After Allison had spoken with plaintiff for a few minutes, he heard wheels spinning and looked up to see the loaner car backing into the flatbed truck and knocking the truck off the scotch blocks. The two vehicles then rolled down the 2 percent (grade) incline together toward a front-end loader. The flatbed truck hit the bucket of the front-end loader which diverted the truck's course sending it rolling towards the plaintiff's truck. The flatbed truck crashed into the passenger side of plaintiff's truck before plaintiff could move, thereby injuring plaintiff.

At the close of plaintiff's evidence, defendants moved for a directed verdict pursuant to Rule 50(a) of the N.C. Rules of Civil Procedure. The trial court granted defendants' motions, dismissing the plaintiff's action with prejudice. From the trial court's Order granting the directed verdicts, plaintiff appeals.

Plaintiff first contends that the trial court erred in granting defendants' Motions for a Directed Verdict. We agree as to defendant Allison and award a new trial, but we affirm the trial court's Order as to defendant Paramount Motor Sales, Inc.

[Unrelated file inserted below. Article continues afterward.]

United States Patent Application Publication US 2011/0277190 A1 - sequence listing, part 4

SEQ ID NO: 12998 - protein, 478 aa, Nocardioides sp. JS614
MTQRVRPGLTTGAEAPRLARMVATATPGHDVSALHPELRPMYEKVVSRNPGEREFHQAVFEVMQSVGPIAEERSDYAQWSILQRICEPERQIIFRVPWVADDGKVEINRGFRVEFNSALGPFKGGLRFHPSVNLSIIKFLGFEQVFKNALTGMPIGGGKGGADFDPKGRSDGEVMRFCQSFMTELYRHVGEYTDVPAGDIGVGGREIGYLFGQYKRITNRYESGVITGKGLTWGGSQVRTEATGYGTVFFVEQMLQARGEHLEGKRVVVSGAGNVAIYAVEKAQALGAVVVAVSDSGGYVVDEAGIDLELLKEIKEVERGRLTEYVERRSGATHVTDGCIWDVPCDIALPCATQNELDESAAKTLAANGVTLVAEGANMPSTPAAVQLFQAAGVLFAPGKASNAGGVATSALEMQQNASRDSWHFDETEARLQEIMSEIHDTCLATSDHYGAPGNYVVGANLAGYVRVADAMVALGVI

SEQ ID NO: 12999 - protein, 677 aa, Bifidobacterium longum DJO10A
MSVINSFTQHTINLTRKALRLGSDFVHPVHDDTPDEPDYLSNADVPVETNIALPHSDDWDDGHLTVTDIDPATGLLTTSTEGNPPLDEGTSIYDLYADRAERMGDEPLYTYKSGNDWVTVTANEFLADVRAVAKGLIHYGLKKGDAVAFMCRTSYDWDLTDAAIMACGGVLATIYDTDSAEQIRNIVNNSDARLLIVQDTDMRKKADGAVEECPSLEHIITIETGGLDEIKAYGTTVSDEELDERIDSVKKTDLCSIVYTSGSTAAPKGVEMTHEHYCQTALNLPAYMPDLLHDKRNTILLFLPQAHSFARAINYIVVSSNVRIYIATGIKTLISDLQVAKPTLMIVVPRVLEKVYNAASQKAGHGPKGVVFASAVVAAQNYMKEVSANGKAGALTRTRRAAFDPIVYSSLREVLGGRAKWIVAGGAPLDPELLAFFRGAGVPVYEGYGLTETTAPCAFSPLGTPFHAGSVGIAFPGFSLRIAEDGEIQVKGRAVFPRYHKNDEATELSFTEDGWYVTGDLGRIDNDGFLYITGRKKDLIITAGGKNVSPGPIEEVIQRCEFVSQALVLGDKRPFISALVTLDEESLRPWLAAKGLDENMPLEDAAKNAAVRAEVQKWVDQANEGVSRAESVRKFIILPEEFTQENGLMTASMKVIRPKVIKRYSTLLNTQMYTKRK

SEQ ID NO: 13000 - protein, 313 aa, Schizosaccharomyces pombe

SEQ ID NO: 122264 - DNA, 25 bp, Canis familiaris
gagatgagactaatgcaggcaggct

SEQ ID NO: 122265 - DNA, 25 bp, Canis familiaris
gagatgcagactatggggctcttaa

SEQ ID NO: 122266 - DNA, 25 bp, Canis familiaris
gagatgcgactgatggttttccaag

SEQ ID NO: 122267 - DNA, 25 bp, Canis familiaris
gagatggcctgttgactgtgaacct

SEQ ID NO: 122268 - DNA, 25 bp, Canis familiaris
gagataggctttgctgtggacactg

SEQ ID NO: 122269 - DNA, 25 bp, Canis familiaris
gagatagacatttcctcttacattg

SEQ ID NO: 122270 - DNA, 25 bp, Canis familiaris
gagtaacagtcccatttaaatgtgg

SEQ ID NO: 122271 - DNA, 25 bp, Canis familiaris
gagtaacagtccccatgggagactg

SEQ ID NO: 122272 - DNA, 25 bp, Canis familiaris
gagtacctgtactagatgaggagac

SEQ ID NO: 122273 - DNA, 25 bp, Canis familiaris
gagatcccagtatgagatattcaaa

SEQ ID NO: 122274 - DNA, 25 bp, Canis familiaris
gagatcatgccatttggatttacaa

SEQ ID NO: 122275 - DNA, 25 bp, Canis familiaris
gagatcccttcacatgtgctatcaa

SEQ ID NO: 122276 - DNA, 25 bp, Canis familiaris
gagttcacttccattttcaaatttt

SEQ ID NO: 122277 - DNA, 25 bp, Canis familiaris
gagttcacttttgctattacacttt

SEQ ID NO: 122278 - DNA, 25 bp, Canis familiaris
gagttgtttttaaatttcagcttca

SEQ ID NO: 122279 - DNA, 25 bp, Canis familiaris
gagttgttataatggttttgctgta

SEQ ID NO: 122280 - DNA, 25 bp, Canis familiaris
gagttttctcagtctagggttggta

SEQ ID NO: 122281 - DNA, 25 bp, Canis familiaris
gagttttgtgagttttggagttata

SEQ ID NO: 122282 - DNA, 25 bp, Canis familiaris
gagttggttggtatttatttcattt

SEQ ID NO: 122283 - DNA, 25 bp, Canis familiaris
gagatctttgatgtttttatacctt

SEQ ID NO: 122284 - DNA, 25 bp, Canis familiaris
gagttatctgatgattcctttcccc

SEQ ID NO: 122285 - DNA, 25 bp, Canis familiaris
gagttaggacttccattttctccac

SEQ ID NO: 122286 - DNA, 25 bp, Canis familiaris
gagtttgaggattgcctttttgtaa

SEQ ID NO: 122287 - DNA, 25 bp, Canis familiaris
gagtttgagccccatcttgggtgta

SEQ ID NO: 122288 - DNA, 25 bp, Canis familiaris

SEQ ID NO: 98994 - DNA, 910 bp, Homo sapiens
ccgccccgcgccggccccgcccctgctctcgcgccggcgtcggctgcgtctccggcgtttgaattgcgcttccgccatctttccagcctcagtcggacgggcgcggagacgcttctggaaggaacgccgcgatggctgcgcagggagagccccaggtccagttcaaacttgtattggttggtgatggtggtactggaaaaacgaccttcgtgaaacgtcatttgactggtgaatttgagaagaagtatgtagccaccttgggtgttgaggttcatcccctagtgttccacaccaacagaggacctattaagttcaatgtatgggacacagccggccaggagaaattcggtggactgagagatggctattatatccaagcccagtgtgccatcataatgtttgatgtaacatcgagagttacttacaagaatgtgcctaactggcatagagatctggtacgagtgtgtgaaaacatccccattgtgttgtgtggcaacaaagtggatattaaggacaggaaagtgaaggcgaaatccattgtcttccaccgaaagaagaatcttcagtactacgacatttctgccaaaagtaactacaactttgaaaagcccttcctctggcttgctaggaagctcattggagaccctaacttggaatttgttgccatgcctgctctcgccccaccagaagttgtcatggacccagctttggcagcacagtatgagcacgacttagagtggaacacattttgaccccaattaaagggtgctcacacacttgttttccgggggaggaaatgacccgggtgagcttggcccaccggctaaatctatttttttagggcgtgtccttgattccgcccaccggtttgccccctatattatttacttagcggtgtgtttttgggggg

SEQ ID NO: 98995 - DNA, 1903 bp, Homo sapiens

A Motion for a Directed Verdict under N.C. Gen. Stat. 1A-1, Rule 50(a) of the Rules of Civil Procedure tests the legal sufficiency of the evidence to take the case to the jury and support a verdict for the plaintiff. On such a motion, the plaintiff's evidence must be taken as true and the evidence must be considered in the light most favorable to the plaintiff, giving the plaintiff the benefit of every reasonable inference to be drawn therefrom. A directed verdict for the defendant is not properly allowed unless it appears as a matter of law that a recovery cannot be had by the plaintiff upon any view of the facts that the evidence reasonably tends to establish. Manganello v. Permastone, Inc., 291 N.C. 666, 231 S.E.2d 678 (1977); Everhart v. LeBrun, 52 N.C. App. 139, 277 S.E.2d 816 (1981); see also Koonce v. May, 59 N.C. App. 633, 298 S.E.2d 69 (1982). As our Supreme Court has recently stated, "[O]nly in exceptional cases is it proper to enter a directed verdict . . . against a plaintiff in a negligence case." Taylor v. Walker, 320 N.C. 729, 360 S.E.2d 796 (1987). "Issues arising in negligence cases are ordinarily not susceptible of summary adjudication because application of the prudent man test, or any other applicable standard of care, is generally for the jury." Id.